Capitalism, or in other words the private ownership by a small minority (your class, my lords) of the land and all other things necessary to the life of the community, is the curse, the terrible sore. The great table of nature is abundantly spread, overflowing with luxuries as well as necessaries of life. Your class are in possession; the other class, now commonly called the proletariat, possess nothing but their own ability to labour, their lifelong occupation is the work of producing. They produce all that exists. Your class then, as the law says, “fraudulently appropriates to your own use” almost all they have produced. You get all the luxuries and the best of necessaries, their share is the refuse; that is, the plainest and coarsest of everything and often not enough of these. Things, my lords, at which, if placed before you, your aristocratic noses would turn up in a manner more eloquent than words. They have never respite or ease from the work of producing and distributing. Your only occupation is gambling with each other on the different stock exchanges to see which of you shall become possessed of a greater share of the results of the workers’ toil. This is capitalism. This is what you so highly extol as the competitive system of modern society. It is truly a competitive system, but working in different directions according as the individual belongs to the possessing or unpossessing class.
The members of your class being in possession, and therefore certain of the first fruits, have, as I said, only to gamble with each other (that is, compete) for a larger share of the total. But the unpossessing class being certain of nothing, compete with each other in an endeavour to live upon the lowest possible quantity in order to obtain the right to work, and therefore live at all.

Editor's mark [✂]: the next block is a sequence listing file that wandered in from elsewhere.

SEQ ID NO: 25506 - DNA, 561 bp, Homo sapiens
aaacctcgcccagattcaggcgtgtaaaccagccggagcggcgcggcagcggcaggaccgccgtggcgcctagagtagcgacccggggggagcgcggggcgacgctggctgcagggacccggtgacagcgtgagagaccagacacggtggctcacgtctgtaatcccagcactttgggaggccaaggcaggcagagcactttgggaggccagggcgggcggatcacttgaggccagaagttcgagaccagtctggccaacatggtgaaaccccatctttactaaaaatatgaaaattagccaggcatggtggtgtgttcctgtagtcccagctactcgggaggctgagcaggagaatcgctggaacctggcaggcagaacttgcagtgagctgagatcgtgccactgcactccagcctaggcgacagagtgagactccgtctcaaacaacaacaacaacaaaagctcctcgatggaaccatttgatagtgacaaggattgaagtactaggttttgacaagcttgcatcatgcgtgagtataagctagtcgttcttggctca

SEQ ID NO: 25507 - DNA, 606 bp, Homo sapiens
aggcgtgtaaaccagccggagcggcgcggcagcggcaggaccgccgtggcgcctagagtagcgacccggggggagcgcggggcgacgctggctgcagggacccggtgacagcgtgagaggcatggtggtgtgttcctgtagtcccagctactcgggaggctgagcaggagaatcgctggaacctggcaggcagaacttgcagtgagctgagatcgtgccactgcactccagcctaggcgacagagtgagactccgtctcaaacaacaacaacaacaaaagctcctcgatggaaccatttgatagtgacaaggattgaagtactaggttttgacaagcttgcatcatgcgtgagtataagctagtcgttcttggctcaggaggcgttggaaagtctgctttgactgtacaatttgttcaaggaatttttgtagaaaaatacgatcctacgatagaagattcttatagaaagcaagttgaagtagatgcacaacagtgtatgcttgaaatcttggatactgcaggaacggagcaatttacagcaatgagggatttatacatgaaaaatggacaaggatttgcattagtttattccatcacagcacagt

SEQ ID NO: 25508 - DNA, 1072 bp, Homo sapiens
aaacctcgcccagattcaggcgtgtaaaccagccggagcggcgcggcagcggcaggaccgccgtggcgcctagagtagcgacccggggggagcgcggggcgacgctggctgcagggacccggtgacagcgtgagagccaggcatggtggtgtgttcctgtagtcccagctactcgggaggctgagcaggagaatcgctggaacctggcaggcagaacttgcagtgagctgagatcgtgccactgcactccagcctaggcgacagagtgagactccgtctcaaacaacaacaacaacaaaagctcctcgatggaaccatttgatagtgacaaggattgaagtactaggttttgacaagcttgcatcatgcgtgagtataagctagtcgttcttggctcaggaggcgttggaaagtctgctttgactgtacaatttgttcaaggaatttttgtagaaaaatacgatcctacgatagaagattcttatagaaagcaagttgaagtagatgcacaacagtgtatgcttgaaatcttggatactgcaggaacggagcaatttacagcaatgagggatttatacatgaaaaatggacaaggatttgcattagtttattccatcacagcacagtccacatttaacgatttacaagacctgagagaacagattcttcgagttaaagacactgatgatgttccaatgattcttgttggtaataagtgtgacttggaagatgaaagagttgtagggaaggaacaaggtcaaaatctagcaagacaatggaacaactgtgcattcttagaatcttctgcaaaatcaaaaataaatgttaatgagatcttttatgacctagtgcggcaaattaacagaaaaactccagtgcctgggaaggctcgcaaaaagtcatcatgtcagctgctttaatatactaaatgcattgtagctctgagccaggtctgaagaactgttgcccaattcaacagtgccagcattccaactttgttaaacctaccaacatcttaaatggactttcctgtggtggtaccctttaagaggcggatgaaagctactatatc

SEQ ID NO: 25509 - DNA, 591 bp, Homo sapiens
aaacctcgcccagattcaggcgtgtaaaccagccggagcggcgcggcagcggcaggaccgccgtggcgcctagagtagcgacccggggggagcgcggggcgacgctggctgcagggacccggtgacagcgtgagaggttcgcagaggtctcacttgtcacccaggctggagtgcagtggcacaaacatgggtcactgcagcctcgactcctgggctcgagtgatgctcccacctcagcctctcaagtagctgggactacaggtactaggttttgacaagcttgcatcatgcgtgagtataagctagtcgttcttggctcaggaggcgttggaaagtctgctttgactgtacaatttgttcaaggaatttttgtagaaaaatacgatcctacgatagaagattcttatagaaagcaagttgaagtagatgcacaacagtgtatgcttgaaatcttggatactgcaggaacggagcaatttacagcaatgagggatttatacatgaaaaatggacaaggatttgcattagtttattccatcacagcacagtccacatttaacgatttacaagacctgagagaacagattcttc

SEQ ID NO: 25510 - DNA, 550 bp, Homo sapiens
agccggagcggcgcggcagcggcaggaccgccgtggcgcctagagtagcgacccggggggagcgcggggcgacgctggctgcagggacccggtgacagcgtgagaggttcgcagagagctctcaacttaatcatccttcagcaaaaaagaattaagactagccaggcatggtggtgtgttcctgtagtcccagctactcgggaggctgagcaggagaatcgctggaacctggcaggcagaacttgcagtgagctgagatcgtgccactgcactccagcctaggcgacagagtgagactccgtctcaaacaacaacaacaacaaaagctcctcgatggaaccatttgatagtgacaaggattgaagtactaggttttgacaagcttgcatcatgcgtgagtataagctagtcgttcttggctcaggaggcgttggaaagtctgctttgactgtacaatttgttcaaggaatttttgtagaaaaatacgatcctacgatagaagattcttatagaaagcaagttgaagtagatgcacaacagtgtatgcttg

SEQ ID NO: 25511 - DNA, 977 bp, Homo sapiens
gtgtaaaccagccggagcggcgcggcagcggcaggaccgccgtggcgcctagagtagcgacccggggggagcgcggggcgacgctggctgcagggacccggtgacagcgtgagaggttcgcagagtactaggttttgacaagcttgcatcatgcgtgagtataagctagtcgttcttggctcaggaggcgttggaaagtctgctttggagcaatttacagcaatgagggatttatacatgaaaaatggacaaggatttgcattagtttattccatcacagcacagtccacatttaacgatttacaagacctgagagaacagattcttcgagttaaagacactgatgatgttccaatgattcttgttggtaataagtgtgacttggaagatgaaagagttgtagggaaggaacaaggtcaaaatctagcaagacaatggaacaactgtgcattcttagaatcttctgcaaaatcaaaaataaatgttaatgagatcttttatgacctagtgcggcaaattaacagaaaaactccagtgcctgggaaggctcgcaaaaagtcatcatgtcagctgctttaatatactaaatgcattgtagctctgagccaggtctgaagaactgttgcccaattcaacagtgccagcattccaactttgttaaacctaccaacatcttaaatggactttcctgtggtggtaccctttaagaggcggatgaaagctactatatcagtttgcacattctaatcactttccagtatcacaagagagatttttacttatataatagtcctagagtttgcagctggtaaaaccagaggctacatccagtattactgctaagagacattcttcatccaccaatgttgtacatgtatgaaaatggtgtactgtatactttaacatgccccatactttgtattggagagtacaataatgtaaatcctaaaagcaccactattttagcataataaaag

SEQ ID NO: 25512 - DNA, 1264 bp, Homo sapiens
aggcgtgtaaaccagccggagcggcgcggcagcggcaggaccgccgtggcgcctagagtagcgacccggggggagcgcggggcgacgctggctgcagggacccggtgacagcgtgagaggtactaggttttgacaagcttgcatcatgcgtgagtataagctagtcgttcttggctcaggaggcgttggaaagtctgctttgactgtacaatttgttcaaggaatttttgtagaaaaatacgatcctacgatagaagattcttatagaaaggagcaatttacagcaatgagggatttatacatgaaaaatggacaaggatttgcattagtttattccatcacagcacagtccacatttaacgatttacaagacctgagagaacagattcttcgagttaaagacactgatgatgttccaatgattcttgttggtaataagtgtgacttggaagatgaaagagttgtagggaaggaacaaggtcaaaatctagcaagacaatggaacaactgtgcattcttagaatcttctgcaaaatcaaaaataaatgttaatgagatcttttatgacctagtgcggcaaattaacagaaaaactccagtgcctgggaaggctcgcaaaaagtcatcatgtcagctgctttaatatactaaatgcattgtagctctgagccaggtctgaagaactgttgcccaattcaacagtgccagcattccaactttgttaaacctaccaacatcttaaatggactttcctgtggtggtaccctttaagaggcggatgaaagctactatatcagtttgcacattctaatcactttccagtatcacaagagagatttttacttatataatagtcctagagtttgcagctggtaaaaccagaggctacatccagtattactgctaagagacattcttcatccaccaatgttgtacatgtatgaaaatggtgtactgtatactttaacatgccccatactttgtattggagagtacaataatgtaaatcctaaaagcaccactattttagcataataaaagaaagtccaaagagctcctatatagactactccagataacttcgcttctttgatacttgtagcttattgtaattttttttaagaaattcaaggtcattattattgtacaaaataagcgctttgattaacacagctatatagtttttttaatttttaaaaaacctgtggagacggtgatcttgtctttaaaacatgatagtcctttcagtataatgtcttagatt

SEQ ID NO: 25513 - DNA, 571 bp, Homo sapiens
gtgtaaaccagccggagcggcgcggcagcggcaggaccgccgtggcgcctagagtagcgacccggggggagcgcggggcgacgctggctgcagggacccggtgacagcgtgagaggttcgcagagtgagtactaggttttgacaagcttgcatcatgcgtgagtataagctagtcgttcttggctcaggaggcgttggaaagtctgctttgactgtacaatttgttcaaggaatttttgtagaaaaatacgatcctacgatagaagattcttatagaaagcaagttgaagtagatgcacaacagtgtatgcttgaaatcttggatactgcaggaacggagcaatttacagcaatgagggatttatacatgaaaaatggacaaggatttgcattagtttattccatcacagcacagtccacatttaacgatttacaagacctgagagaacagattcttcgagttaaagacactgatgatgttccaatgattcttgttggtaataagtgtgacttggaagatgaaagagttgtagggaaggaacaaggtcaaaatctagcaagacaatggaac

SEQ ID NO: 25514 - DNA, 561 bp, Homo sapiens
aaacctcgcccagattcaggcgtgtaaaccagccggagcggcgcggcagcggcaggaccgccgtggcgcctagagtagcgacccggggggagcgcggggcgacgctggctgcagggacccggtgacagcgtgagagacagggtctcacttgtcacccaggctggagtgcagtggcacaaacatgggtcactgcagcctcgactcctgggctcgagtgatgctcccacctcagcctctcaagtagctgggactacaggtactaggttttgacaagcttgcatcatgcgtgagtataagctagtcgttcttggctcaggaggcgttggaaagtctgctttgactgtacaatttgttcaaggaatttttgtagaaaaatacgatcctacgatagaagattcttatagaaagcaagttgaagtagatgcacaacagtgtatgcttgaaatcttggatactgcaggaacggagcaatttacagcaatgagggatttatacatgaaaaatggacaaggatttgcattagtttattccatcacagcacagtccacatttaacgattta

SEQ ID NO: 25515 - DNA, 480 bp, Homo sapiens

You never hear of the unpossessing class competing with each other to see who will obtain the most; oh! no. No more than you ever hear of the possessing or capitalist class competing to see who will obtain the least. These are the beauties of the competitive system; blessings on it, why should we ever try to get rid of it?
It is true though, we do want to get rid of it, and it is with this object, what you would call the “red spectre of socialism” is spreading itself over every country where the system exists. We will have in its stead the co-operative, or National ownership of the land and industries necessary to everyday life. Originally, my lords, your class obtained possession by fraud; to-day you retain it, partly by fraud and partly by force. The time is at hand, however, when an educated democracy will control and permeate the organizations of force, then your fraud, your cant and humbug will be of no avail.
The private property system is the festering sore on the back of humanity to which I have alluded. Notwithstanding your constant palaver and soothing measures, the pain and sting is becoming more and more unbearable. Palliatives will not do, the cancer must be cut out. My lords, when the people so decide it will be cut out, and the mission of Socialist propaganda is to educate the masses up to the point necessary to have the operation of removing the cancer carried out scientifically and successfully.
1. Dublin Castle was the seat of the British administration in Ireland.
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Last updated on 11.8.2003